IT was not the best of times in British and world history.

On the day of our launch on October 29, 1973 the Watergate Scandal was about to unseat an American president, the UK was still recovering from the shock and aftermath of IRA bombs at the heart of London and elsewhere, coalfields were closing across the country, the Prime Minister Edward Heath and his government had taken on the unions resulting in a three-day week, and at sea Britain was involved with a second Cod War with Iceland.

In these turbulent times the Evening Leader was born with its first front page reflecting the jobs dominated news in an area where a trickle of redundancies was about to become a flood.

Hawker Siddeley at Broughton, as it then was, had vacancies in all departments and plenty of orders on the books.

They were described at “secure, permanent jobs” without anyone realising that before long no one could be sure of a job for life in any industry.

In 1973 national and world news that appeared in the Evening Leader was sourced from the Press Association over teleprinters.

There were crosswords, horoscopes and weather forecasts all of which are still featured today. But it was a black and white world and it would be a considerable time before any newspapers would be able to offer colour printing to their readers and advertisers.

Reporters worked on typewriters with fingers marked by carbon and yellowed by nicotine, they campaigned to save jobs and championed charities. The paper was a pioneer in the way it was delivered straight from the press to the reader’s door by a team of delivery boys and girls. And some illustrious hands have pushed the Evening Leader through a lot of doors over the years including professional footballers Ian Rush and the late Gary Speed who both delivered papers for us as youngsters.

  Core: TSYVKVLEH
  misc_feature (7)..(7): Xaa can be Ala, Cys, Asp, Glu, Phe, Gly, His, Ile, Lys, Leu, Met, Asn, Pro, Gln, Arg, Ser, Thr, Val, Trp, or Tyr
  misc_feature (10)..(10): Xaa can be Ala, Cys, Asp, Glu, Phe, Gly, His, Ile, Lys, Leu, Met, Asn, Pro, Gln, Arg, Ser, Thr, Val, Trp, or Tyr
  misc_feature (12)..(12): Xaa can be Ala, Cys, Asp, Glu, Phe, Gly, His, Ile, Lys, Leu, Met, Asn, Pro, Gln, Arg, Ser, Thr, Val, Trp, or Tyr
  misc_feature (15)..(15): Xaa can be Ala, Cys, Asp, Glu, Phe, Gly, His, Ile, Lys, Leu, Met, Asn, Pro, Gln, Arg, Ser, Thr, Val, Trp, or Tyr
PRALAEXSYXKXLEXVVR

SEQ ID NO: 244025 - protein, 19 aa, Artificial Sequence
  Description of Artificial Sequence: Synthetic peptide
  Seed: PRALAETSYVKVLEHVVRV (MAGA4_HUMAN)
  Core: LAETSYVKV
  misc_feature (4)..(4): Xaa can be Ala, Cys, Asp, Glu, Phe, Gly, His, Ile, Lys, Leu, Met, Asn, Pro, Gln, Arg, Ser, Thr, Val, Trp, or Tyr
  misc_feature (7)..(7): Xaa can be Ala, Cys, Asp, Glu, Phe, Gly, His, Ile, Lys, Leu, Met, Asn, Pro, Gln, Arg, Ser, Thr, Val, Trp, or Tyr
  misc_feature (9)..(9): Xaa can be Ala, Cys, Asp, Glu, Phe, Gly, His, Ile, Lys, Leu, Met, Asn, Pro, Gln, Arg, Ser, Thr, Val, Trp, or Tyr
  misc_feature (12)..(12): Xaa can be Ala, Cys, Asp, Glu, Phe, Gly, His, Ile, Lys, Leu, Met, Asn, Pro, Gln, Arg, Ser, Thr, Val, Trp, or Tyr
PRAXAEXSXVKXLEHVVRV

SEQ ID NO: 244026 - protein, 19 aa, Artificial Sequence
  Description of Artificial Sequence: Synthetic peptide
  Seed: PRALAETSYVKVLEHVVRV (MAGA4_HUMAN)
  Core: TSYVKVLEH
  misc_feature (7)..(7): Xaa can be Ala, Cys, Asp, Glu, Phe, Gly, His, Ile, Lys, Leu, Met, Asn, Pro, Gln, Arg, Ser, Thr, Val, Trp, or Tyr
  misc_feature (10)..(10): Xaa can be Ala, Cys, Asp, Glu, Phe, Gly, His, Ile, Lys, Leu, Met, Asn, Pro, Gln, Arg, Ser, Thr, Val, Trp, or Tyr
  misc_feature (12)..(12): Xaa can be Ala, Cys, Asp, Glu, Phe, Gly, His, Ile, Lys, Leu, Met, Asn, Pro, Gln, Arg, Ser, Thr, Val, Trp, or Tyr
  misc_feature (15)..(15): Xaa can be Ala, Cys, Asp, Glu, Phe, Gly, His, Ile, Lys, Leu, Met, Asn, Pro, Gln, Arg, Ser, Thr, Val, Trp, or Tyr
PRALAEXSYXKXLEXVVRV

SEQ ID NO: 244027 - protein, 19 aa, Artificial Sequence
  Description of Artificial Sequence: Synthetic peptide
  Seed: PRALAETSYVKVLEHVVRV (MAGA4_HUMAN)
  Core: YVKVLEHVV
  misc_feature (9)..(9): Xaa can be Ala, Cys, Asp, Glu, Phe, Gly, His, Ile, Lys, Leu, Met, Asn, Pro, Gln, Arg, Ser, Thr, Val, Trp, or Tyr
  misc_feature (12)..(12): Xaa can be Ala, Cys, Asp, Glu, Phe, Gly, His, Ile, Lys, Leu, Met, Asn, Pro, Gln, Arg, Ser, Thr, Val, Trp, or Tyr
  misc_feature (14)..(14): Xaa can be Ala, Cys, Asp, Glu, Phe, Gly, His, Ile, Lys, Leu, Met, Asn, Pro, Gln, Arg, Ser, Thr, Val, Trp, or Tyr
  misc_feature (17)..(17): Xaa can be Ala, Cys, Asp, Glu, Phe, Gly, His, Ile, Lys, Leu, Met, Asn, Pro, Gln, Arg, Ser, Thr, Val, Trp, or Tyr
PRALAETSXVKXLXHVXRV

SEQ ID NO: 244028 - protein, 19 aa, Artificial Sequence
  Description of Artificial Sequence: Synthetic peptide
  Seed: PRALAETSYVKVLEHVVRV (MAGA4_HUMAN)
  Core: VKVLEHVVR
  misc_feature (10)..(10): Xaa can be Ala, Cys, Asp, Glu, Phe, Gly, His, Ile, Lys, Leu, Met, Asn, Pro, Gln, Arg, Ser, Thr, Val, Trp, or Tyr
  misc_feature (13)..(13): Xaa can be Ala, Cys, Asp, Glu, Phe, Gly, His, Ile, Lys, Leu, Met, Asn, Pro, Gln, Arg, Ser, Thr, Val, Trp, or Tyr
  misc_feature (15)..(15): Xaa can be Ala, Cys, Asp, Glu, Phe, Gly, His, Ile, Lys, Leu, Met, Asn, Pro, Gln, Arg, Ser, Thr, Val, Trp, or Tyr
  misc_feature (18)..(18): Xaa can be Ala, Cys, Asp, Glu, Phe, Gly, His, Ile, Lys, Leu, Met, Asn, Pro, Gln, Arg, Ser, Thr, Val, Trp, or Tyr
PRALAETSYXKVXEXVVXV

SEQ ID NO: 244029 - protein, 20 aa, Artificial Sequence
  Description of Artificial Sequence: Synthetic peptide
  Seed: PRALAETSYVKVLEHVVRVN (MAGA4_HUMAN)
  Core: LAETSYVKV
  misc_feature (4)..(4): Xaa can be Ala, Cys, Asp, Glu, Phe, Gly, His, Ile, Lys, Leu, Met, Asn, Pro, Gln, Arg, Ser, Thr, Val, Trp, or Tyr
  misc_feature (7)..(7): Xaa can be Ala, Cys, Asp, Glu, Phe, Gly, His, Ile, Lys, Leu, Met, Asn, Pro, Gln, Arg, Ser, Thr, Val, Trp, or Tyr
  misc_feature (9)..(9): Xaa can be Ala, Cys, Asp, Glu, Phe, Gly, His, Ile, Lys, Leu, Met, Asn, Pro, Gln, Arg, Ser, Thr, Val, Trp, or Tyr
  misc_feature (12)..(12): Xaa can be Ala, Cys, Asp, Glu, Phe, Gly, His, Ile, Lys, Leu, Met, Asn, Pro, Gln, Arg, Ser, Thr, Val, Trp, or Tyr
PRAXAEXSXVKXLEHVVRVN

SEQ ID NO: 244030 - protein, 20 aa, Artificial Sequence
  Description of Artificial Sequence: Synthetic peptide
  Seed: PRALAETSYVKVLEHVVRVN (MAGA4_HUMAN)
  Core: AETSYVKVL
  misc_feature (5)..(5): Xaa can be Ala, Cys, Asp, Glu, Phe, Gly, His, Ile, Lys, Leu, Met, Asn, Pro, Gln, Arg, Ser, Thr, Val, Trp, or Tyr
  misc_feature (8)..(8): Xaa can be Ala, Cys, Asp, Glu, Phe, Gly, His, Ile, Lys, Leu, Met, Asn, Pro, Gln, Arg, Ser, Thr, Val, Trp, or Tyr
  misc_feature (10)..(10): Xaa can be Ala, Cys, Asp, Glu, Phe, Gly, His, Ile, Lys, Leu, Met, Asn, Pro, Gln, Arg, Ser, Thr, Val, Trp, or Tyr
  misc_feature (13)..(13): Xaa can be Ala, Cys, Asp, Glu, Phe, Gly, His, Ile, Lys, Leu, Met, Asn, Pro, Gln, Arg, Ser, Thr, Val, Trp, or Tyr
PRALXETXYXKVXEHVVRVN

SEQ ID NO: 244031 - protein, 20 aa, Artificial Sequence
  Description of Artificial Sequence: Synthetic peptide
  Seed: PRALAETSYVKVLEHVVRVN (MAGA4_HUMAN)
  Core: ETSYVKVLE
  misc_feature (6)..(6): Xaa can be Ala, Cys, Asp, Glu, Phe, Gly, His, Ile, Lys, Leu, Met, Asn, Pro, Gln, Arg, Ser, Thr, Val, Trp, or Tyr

Later on in the hi-tech revolution sweeping through the newspaper industry, the Evening Leader would become one of the first papers in the country to receive complete pages transmitted electronically from the Press Association in London.

Money was short but it went a long way in those days.

Average wages for a man in 1973 were £36 a week and just over £20 for a woman.

The average cost of a house in the UK was between £8,600 and £10,400, although good detached homes could be had in North East Wales for as little as £4,000 and semis for half that in some areas.

With such a scene set it was the perfect time to launch a regional daily newspaper in North East Wales which 40 years on continues to serve its readers having switched from an evening to a morning publication in 2009.

The Leader remains at the heart of the communities it serves and is grateful for the loyalty of its readers.